U.K. police confirm source of Novichok poisoning
British detectives investigating the poisoning of two people by the nerve agent Novichok in southwestern England said Friday that a small bottle found in the home of one of the victims tested positive for the deadly substance.
Dawn Sturgess, 44, and Charlie Rowley, 45, were sickened on June 30 in a town not far from Salisbury, where British authorities say a Russian ex-spy and his daughter were poisoned with Novichok in March. Sturgess died in a hospital on Sunday. Her partner, Rowley, initially was in critical condition, but has regained consciousness.
The Metropolitan Police said the small bottle was found during searches of Rowley’s house Wednesday and that scientists confirmed the substance in the bottle was Novichok. Police have interviewed Rowley in recent days since he recovered consciousness.
Police are still looking into where the bottle came from and how it came to be in Rowley’s house. Further tests will be carried out to establish whether it is from the same batch that was used to poison Russian ex-spy Sergei Skripal and his daughter in March.
Assistant Police Commissioner Neil Basu said no more details would be provided about the bottle. More than 100 police officers had been searching for the source of Rowley and Sturgess’ exposure in the towns of Amesbury, where they lived, and Salisbury, where the Skripals were poisoned.
Basu said cordons would remain in place in some locations to protect the public despite the apparent breakthrough in the case.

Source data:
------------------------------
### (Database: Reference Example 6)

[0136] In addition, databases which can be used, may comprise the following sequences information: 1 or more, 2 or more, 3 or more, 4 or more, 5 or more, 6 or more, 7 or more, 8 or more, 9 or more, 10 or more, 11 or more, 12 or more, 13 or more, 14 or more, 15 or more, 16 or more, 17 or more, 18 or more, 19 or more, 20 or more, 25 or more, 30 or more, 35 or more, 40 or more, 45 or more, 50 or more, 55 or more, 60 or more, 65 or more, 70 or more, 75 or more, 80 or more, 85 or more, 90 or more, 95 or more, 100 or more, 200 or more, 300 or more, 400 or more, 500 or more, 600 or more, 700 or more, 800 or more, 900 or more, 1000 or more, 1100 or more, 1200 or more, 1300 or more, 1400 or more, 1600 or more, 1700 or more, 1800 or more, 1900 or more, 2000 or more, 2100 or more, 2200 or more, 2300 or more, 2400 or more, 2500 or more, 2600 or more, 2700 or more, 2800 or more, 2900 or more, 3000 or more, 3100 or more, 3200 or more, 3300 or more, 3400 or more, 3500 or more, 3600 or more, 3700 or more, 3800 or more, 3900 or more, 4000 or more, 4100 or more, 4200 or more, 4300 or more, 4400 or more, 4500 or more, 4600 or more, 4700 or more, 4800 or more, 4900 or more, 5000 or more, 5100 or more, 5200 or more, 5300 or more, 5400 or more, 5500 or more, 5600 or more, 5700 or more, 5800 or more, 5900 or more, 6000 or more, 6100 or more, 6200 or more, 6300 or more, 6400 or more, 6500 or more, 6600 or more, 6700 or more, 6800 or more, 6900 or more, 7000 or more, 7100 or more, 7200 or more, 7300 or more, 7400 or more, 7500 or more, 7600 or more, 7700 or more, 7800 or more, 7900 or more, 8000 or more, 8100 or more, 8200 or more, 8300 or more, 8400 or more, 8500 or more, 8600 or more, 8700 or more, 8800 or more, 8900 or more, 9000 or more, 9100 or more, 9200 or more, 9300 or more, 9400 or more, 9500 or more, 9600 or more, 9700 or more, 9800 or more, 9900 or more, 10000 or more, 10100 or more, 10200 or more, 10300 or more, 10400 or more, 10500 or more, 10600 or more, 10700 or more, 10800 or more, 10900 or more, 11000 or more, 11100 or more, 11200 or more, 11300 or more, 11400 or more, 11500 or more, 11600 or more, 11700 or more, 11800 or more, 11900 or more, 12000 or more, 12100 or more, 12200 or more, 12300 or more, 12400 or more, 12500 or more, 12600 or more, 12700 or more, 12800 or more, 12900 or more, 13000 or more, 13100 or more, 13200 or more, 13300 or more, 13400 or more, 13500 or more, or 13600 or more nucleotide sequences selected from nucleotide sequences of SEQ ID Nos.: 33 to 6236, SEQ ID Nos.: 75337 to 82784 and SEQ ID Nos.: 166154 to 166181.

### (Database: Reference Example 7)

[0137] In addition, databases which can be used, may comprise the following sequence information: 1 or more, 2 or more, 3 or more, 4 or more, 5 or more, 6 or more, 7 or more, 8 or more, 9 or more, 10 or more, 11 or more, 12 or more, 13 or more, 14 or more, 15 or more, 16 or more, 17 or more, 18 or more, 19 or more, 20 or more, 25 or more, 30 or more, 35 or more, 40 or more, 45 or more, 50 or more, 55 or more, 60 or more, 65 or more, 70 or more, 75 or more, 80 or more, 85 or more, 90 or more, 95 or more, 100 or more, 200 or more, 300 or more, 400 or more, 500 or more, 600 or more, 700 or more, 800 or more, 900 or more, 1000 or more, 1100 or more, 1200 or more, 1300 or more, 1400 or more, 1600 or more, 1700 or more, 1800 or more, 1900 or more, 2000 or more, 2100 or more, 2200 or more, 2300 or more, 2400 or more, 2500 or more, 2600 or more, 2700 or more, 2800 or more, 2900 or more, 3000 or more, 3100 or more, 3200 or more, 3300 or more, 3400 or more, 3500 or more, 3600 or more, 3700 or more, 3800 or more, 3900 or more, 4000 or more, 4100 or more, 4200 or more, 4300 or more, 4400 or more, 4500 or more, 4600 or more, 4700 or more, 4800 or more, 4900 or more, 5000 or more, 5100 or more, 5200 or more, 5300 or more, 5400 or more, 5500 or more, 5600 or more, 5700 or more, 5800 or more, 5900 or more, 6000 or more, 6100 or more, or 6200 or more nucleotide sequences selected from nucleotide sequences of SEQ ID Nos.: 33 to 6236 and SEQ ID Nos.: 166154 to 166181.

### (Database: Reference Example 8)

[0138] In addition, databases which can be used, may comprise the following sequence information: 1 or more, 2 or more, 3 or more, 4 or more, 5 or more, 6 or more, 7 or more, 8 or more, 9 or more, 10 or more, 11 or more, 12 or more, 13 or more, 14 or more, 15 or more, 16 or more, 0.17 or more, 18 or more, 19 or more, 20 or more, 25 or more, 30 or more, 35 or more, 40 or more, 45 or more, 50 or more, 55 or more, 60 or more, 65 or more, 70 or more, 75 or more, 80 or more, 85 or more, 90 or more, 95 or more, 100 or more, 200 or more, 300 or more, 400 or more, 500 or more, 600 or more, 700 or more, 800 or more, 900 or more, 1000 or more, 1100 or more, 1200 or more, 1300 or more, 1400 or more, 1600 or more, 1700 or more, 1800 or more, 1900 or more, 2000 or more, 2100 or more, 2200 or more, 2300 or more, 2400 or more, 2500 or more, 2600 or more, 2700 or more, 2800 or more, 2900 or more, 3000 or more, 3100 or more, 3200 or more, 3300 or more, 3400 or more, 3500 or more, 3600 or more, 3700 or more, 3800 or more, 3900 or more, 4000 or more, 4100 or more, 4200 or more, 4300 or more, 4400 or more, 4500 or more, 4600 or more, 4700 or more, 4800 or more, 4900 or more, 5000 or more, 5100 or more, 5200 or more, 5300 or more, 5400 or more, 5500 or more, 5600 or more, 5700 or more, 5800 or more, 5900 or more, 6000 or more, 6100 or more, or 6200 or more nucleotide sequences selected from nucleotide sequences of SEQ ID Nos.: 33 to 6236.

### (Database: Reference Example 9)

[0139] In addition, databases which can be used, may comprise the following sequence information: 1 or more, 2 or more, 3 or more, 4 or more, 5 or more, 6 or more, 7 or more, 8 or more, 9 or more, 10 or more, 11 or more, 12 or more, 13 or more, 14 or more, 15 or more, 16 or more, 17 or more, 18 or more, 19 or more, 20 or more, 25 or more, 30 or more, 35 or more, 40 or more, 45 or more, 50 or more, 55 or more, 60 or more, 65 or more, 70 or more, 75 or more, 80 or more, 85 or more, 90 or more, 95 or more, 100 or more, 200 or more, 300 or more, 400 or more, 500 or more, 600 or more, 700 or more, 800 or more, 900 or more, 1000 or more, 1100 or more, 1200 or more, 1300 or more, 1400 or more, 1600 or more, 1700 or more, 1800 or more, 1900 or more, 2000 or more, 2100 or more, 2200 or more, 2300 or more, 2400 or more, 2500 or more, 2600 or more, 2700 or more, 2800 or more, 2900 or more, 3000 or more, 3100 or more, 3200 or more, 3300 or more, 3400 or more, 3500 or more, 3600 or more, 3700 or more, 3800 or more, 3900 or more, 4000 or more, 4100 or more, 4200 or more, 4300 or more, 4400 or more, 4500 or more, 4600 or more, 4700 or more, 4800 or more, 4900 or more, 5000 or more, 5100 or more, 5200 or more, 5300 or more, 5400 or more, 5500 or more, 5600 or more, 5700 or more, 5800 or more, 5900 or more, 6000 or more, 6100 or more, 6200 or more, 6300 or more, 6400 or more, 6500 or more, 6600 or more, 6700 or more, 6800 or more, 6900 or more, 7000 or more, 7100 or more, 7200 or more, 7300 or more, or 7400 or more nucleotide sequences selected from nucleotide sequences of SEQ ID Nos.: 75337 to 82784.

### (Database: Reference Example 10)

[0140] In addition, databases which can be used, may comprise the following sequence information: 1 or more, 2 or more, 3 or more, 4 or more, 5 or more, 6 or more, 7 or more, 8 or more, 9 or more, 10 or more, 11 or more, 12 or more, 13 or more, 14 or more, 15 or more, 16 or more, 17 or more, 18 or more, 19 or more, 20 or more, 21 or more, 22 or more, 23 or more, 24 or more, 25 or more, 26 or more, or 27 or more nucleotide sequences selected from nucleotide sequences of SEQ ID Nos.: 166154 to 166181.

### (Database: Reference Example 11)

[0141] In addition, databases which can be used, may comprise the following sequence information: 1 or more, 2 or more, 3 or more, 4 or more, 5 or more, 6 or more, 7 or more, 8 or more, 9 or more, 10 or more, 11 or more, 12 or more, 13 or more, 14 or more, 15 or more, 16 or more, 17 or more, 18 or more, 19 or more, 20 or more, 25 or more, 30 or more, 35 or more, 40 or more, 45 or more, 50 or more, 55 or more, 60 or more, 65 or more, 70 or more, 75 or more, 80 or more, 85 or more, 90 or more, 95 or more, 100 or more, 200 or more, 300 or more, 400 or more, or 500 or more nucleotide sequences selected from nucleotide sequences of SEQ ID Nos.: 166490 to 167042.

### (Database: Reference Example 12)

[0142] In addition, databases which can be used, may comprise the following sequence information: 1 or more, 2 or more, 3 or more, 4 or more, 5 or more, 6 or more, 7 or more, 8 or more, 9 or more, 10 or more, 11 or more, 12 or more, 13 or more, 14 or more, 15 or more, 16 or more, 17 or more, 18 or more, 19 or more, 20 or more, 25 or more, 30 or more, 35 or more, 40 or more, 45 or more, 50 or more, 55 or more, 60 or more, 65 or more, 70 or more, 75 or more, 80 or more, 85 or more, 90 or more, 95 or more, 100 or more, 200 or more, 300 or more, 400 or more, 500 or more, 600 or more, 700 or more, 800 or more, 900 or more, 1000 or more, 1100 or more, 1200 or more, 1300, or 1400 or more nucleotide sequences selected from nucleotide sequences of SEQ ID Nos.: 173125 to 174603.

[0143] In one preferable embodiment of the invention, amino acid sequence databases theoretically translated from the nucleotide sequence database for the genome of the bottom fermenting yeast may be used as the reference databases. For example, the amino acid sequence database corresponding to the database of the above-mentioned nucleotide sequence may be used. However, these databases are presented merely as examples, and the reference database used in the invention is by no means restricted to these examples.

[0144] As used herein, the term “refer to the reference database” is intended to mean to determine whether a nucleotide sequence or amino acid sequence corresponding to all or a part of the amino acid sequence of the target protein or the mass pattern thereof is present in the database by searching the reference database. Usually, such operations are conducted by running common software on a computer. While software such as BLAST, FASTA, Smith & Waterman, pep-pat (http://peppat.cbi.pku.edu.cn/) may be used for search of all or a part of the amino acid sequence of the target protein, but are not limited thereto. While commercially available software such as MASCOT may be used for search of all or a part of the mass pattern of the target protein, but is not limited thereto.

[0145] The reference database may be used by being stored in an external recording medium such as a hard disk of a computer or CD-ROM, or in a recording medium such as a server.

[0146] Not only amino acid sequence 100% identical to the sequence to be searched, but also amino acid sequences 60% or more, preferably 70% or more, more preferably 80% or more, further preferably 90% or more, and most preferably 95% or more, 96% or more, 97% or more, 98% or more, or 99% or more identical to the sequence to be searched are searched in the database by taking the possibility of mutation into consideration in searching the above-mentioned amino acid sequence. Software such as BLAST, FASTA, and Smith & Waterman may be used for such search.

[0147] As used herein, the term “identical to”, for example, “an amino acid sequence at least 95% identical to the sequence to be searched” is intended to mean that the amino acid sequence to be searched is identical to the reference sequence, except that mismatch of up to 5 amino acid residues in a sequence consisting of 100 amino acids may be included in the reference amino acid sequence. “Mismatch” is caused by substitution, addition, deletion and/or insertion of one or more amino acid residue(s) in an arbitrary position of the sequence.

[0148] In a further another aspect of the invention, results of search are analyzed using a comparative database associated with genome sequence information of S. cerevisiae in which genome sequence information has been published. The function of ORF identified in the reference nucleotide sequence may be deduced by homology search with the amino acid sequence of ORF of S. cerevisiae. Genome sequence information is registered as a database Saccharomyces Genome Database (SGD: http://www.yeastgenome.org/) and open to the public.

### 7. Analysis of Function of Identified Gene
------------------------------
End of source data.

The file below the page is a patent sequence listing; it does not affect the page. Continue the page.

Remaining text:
“This is clearly a significant and positive development. However, we cannot guarantee that there isn’t any more of the substance left,” Basu said. “This is to allow thorough searches to continue as a precautionary measure for public safety and to assist the investigation team.”
Britain’s Foreign Office said Friday that the U.K. has asked the Organization for the Prohibition of Chemical Weapons to collect samples for analysis at its labs. The organization has the power to assign blame for chemical weapons use.
The Novichok saga began in March when Sergei and Yulia Skripal mysteriously fell ill on a park bench in Salisbury. They were found to have been poisoned with Novichok, a lethal nerve agent produced in the Soviet Union during the Cold War.
Prime Minister Theresa May blamed the Russian government for the attack, which the Kremlin has vehemently denied.
The Skripals survived and have been released from a hospital, but are in a secret protected location.
The case led the United States and other countries to expel a large number of Russian diplomats.
Public health officials say the risk to the public is low, but advised people not to pick up any strange items.
Must-read stories from the L.A. Times
Get all the day's most vital news with our Today's Headlines newsletter, sent every weekday morning.
You may occasionally receive promotional content from the Los Angeles Times.